Dispersants are often used in oil spill responses because they may mitigate the environmental impacts of the spill by moving the oil from the water surface into the water column enhancing its biodegradation.
While this process helps reduce the likelihood of oil exposure to marine wildlife such as seabirds and marine mammals, aquatic toxicity on marine communities from the dispersant and the chemically dispersed oil needs to be considered more carefully.
Scientists at Research Planning, Inc. and HDR Ecosystem Management evaluated the standard toxicity testing data used to inform dispersant decisions and published a critical review of their findings in the scientific journal Environmental Toxicology and Chemistry in March 2014.
The authors found issues with the current practices, and lead author Adriana Bejarano notes, "Despite concerted efforts by the spill response community to propose and promote discussions on better laboratory practices, studies are still performed without consideration of such recommendations."
Laboratory tests frequently used by decision makers do not adequately replicate the conditions in the field, such as sea state and weather, nor do they necessarily consider exposure durations (short-term vs. standard exposure) and concentrations (steady concentrations vs. spiked concentrations).
Bejarano's goal was to bring to light some of the common misconceptions and challenges in existing data, and to encourage decision makers to consider data quality when making decisions on the use of dispersants.
"Data comparability is difficult because of the mixed messages coming from the scientific literature. Many believe that dispersants make oil more toxic, when in reality existing data generally do not support these claims. Being critical would be beneficial to the entire decision-making process."
Jennifer Lynch | EurekAlert!
New method opens crystal clear views of biomolecules
11.02.2016 | Deutsches Elektronen-Synchrotron DESY
Scientists from MIPT gain insights into 'forbidden' chemistry
11.02.2016 | Moscow Institute of Physics and Technology
Today, plants and microorganisms are heavily used for the production of medicinal products. The production of biopharmaceuticals in plants, also referred to as “Molecular Pharming”, represents a continuously growing field of plant biotechnology. Preferred host organisms include yeast and crop plants, such as maize and potato – plants with high demands. With the help of a special algal strain, the research team of Prof. Ralph Bock at the Max Planck Institute of Molecular Plant Physiology in Potsdam strives to develop a more efficient and resource-saving system for the production of medicines and vaccines. They tested its practicality by synthesizing a component of a potential AIDS vaccine.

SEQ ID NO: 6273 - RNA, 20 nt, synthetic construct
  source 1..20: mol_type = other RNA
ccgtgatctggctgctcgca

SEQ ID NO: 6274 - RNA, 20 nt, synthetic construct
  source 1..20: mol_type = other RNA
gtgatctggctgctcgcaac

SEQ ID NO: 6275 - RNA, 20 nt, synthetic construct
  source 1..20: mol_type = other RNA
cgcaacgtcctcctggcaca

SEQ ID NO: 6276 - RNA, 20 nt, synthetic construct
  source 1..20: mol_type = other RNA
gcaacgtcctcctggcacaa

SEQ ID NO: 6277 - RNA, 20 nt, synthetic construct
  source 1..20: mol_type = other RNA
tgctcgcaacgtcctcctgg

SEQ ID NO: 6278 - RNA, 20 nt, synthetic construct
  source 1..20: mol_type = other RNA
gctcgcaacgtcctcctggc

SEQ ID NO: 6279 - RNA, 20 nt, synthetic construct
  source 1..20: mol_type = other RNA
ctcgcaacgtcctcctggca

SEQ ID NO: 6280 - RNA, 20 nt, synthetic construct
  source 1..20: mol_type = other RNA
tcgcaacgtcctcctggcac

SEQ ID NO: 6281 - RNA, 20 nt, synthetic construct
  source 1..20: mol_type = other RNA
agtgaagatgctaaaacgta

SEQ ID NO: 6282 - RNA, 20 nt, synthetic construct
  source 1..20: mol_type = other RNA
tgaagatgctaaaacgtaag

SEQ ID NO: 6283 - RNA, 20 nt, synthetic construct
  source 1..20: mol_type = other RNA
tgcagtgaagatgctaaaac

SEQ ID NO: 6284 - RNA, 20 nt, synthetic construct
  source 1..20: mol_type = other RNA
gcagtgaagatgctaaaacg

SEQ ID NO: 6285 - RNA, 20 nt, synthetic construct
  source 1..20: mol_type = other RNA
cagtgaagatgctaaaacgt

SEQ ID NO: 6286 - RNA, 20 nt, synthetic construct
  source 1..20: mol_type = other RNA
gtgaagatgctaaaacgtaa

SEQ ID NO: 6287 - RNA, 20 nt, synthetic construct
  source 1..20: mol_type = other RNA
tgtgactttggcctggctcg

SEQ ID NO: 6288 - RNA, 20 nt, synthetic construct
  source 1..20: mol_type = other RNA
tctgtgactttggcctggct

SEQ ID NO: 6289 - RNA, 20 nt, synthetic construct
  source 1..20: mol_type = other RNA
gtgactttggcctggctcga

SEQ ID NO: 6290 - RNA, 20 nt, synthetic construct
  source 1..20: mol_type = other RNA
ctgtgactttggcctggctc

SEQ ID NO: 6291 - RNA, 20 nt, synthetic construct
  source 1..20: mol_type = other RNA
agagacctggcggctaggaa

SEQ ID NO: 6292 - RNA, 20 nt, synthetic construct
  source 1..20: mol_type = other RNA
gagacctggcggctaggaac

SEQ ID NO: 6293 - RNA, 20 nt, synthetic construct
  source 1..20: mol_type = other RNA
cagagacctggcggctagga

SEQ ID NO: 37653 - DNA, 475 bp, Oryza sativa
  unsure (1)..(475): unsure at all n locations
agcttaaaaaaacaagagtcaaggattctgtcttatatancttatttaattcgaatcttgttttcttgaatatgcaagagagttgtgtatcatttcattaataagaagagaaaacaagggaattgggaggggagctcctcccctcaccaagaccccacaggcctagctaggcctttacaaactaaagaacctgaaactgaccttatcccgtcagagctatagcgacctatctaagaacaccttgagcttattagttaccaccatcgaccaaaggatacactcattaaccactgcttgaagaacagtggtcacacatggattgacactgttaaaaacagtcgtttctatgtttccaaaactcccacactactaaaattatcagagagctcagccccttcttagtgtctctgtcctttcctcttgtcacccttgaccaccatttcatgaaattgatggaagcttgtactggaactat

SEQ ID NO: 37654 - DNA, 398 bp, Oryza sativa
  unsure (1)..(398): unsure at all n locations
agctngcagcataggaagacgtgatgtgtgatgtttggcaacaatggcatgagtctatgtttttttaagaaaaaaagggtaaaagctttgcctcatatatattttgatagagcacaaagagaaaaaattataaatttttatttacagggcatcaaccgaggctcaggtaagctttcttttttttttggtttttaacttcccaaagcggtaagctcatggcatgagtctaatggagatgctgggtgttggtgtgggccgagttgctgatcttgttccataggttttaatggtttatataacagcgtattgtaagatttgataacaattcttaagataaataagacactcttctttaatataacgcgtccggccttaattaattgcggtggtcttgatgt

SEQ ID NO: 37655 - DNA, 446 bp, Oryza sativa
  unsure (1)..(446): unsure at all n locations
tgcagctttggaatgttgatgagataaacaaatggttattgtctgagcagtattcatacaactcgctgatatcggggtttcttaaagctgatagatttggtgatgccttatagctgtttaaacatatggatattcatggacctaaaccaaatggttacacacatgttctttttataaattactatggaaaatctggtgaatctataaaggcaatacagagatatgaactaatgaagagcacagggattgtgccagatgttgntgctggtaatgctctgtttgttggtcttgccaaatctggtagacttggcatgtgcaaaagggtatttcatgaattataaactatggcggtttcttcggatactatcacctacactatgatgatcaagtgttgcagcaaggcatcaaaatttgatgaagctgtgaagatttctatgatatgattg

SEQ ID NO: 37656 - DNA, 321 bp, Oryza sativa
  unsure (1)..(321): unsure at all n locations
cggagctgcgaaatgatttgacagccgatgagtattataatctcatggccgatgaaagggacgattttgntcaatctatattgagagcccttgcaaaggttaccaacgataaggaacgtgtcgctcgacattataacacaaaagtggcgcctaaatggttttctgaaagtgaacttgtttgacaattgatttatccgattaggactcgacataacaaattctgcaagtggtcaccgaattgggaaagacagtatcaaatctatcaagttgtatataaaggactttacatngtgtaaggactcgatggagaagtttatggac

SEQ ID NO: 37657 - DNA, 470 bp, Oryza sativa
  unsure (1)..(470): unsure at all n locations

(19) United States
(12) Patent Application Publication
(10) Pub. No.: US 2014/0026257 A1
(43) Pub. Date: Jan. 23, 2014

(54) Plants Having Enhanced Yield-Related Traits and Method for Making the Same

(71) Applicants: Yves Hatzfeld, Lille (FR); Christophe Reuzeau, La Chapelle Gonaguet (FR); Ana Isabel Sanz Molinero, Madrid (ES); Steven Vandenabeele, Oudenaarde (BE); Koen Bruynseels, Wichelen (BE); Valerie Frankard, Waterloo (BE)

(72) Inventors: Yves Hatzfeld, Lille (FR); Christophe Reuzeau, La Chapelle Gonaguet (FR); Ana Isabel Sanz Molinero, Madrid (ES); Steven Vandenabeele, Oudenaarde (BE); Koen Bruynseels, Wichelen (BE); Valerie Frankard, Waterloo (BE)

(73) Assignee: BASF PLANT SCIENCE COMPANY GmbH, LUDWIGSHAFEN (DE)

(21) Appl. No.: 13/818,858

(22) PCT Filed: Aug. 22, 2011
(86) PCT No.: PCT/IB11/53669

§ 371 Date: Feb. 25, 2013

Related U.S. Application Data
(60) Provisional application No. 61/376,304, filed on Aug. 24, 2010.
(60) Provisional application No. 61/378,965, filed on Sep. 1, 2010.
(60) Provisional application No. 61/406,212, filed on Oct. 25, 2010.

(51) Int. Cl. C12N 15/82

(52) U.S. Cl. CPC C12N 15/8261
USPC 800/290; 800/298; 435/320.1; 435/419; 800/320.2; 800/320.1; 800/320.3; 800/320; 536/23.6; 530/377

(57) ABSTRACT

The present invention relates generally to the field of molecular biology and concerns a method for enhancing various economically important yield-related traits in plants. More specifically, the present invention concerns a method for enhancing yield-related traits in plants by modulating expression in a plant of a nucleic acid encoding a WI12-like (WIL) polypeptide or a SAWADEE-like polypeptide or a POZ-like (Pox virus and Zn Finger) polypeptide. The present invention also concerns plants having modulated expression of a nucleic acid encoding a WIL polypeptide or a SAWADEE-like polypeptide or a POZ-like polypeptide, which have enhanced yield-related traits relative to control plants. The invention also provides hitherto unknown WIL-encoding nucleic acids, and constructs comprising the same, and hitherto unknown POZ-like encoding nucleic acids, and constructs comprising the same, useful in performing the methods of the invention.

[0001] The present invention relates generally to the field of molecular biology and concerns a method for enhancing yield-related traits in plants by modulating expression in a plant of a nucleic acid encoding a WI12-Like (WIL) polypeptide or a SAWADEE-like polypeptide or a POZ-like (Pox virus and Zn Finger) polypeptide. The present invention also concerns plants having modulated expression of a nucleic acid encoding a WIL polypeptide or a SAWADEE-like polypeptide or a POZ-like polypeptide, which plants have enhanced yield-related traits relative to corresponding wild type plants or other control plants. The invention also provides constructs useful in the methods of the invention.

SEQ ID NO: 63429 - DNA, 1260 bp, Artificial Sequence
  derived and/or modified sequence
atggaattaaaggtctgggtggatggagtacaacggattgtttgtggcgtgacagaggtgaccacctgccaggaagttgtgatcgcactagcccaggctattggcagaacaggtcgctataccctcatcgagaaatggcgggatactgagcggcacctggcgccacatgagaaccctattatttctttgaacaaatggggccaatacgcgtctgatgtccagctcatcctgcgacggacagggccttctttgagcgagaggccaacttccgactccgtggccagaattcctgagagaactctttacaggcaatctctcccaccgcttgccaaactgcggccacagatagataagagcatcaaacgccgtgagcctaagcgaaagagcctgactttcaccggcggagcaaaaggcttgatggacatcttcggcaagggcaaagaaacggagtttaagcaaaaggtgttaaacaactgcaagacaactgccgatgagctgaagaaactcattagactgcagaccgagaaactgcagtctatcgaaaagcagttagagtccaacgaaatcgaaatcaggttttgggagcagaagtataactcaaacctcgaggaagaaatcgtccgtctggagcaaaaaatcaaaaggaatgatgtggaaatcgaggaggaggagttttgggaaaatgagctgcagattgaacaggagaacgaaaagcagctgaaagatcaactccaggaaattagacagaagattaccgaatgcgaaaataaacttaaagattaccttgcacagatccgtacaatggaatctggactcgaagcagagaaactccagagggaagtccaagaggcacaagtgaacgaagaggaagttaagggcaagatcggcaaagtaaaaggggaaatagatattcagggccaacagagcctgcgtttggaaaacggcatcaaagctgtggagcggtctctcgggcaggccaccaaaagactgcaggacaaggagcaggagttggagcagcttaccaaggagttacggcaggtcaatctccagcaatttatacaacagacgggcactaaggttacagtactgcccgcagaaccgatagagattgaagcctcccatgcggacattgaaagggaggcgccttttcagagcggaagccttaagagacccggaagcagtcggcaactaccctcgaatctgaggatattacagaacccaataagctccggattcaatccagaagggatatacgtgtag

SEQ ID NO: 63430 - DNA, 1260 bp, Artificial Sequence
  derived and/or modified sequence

The use of plants and microorganisms to produce pharmaceuticals is nothing new. In 1982, bacteria were genetically modified to produce human insulin, a drug...
Atomic clock experts from the Physikalisch-Technische Bundesanstalt (PTB) are the first research group in the world to have built an optical single-ion clock which attains an accuracy which had only been predicted theoretically so far. Their optical ytterbium clock achieved a relative systematic measurement uncertainty of 3 E-18. The results have been published in the current issue of the scientific journal "Physical Review Letters".
Atomic clock experts from the Physikalisch-Technische Bundesanstalt (PTB) are the first research group in the world to have built an optical single-ion clock...
The University of Würzburg has two new space projects in the pipeline which are concerned with the observation of planets and autonomous fault correction aboard satellites. The German Federal Ministry of Economic Affairs and Energy funds the projects with around 1.6 million euros.
Detecting tornadoes that sweep across Mars. Discovering meteors that fall to Earth. Investigating strange lightning that flashes from Earth's atmosphere into...
Physicists from Saarland University and the ESPCI in Paris have shown how liquids on solid surfaces can be made to slide over the surface a bit like a bobsleigh on ice. The key is to apply a coating at the boundary between the liquid and the surface that induces the liquid to slip. This results in an increase in the average flow velocity of the liquid and its throughput. This was demonstrated by studying the behaviour of droplets on surfaces with different coatings as they evolved into the equilibrium state. The results could prove useful in optimizing industrial processes, such as the extrusion of plastics.
The study has been published in the respected academic journal PNAS (Proceedings of the National Academy of Sciences of the United States of America).
Exceeding critical temperature limits in the Southern Ocean may cause the collapse of ice sheets and a sharp rise in sea levels
A future warming of the Southern Ocean caused by rising greenhouse gas concentrations in the atmosphere may severely disrupt the stability of the West...
09.02.2016 | Event News
02.02.2016 | Event News
26.01.2016 | Event News
11.02.2016 | Life Sciences
11.02.2016 | Physics and Astronomy
11.02.2016 | Earth Sciences